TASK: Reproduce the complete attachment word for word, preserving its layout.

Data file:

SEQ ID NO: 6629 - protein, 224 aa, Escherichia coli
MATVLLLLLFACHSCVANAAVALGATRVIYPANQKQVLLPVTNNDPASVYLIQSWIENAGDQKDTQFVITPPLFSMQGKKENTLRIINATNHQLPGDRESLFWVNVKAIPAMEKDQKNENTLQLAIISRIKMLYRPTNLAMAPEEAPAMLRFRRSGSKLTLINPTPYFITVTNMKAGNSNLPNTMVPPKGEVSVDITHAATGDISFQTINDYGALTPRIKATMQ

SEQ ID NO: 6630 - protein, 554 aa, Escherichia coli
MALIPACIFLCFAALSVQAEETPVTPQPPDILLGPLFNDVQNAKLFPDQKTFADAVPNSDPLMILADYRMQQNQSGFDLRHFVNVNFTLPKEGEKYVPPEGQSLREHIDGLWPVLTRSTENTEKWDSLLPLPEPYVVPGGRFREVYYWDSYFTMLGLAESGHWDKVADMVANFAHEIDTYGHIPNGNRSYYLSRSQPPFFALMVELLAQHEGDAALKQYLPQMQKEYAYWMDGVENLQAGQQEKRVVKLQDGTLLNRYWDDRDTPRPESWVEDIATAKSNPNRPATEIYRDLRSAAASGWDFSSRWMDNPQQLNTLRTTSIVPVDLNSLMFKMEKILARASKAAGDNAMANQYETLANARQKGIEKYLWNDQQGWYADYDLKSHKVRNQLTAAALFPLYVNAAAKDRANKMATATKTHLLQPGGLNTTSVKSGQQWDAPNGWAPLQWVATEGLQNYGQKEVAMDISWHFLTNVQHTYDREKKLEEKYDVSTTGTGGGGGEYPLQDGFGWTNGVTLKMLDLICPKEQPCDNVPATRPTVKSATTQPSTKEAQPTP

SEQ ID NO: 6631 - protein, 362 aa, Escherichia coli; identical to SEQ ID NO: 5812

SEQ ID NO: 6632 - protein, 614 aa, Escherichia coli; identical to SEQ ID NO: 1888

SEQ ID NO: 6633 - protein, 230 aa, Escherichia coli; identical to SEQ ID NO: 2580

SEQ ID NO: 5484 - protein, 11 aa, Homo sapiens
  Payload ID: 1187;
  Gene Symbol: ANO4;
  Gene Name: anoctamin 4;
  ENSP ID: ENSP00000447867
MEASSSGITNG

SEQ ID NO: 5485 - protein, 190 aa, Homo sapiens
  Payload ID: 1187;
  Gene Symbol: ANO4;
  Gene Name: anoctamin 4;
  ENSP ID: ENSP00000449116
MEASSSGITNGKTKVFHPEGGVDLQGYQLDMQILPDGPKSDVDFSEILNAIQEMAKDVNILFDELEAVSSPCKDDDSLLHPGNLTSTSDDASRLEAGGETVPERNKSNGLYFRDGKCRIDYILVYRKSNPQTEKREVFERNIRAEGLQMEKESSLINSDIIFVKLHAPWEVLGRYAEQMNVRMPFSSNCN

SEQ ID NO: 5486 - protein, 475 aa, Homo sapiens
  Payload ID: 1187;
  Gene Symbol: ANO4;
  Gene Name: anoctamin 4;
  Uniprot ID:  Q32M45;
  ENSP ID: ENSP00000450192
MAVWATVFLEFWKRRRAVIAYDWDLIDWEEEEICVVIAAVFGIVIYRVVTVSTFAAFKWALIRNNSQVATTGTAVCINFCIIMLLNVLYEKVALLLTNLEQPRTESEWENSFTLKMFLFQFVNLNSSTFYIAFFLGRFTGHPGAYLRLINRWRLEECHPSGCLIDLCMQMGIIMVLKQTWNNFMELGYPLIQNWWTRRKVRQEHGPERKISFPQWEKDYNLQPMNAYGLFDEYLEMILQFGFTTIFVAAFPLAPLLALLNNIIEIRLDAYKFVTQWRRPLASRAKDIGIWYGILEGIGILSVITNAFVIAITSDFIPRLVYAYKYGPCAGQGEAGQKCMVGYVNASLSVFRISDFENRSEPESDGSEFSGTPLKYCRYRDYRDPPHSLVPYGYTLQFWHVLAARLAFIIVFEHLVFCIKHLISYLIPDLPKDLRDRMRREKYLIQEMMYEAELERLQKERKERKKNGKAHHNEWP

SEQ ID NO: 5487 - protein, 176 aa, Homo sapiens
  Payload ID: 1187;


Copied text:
SEQ ID NO: 6629 - protein, 224 aa, Escherichia coli
MATVLLLLLFACHSCVANAAVALGATRVIYPANQKQVLLPVTNNDPASVYLIQSWIENAGDQKDTQFVITPPLFSMQGKKENTLRIINATNHQLPGDRESLFWVNVKAIPAMEKDQKNENTLQLAIISRIKMLYRPTNLAMAPEEAPAMLRFRRSGSKLTLINPTPYFITVTNMKAGNSNLPNTMVPPKGEVSVDITHAATGDISFQTINDYGALTPRIKATMQ

SEQ ID NO: 6630 - protein, 554 aa, Escherichia coli
MALIPACIFLCFAALSVQAEETPVTPQPPDILLGPLFNDVQNAKLFPDQKTFADAVPNSDPLMILADYRMQQNQSGFDLRHFVNVNFTLPKEGEKYVPPEGQSLREHIDGLWPVLTRSTENTEKWDSLLPLPEPYVVPGGRFREVYYWDSYFTMLGLAESGHWDKVADMVANFAHEIDTYGHIPNGNRSYYLSRSQPPFFALMVELLAQHEGDAALKQYLPQMQKEYAYWMDGVENLQAGQQEKRVVKLQDGTLLNRYWDDRDTPRPESWVEDIATAKSNPNRPATEIYRDLRSAAASGWDFSSRWMDNPQQLNTLRTTSIVPVDLNSLMFKMEKILARASKAAGDNAMANQYETLANARQKGIEKYLWNDQQGWYADYDLKSHKVRNQLTAAALFPLYVNAAAKDRANKMATATKTHLLQPGGLNTTSVKSGQQWDAPNGWAPLQWVATEGLQNYGQKEVAMDISWHFLTNVQHTYDREKKLEEKYDVSTTGTGGGGGEYPLQDGFGWTNGVTLKMLDLICPKEQPCDNVPATRPTVKSATTQPSTKEAQPTP

SEQ ID NO: 6631 - protein, 362 aa, Escherichia coli; identical to SEQ ID NO: 5812

SEQ ID NO: 6632 - protein, 614 aa, Escherichia coli; identical to SEQ ID NO: 1888

SEQ ID NO: 6633 - protein, 230 aa, Escherichia coli; identical to SEQ ID NO: 2580

SEQ ID NO: 5484 - protein, 11 aa, Homo sapiens
  Payload ID: 1187;
  Gene Symbol: ANO4;
  Gene Name: anoctamin 4;
  ENSP ID: ENSP00000447867
MEASSSGITNG

SEQ ID NO: 5485 - protein, 190 aa, Homo sapiens
  Payload ID: 1187;
  Gene Symbol: ANO4;
  Gene Name: anoctamin 4;
  ENSP ID: ENSP00000449116
MEASSSGITNGKTKVFHPEGGVDLQGYQLDMQILPDGPKSDVDFSEILNAIQEMAKDVNILFDELEAVSSPCKDDDSLLHPGNLTSTSDDASRLEAGGETVPERNKSNGLYFRDGKCRIDYILVYRKSNPQTEKREVFERNIRAEGLQMEKESSLINSDIIFVKLHAPWEVLGRYAEQMNVRMPFSSNCN

SEQ ID NO: 5486 - protein, 475 aa, Homo sapiens
  Payload ID: 1187;
  Gene Symbol: ANO4;
  Gene Name: anoctamin 4;
  Uniprot ID:  Q32M45;
  ENSP ID: ENSP00000450192
MAVWATVFLEFWKRRRAVIAYDWDLIDWEEEEICVVIAAVFGIVIYRVVTVSTFAAFKWALIRNNSQVATTGTAVCINFCIIMLLNVLYEKVALLLTNLEQPRTESEWENSFTLKMFLFQFVNLNSSTFYIAFFLGRFTGHPGAYLRLINRWRLEECHPSGCLIDLCMQMGIIMVLKQTWNNFMELGYPLIQNWWTRRKVRQEHGPERKISFPQWEKDYNLQPMNAYGLFDEYLEMILQFGFTTIFVAAFPLAPLLALLNNIIEIRLDAYKFVTQWRRPLASRAKDIGIWYGILEGIGILSVITNAFVIAITSDFIPRLVYAYKYGPCAGQGEAGQKCMVGYVNASLSVFRISDFENRSEPESDGSEFSGTPLKYCRYRDYRDPPHSLVPYGYTLQFWHVLAARLAFIIVFEHLVFCIKHLISYLIPDLPKDLRDRMRREKYLIQEMMYEAELERLQKERKERKKNGKAHHNEWP

SEQ ID NO: 5487 - protein, 176 aa, Homo sapiens
  Payload ID: 1187;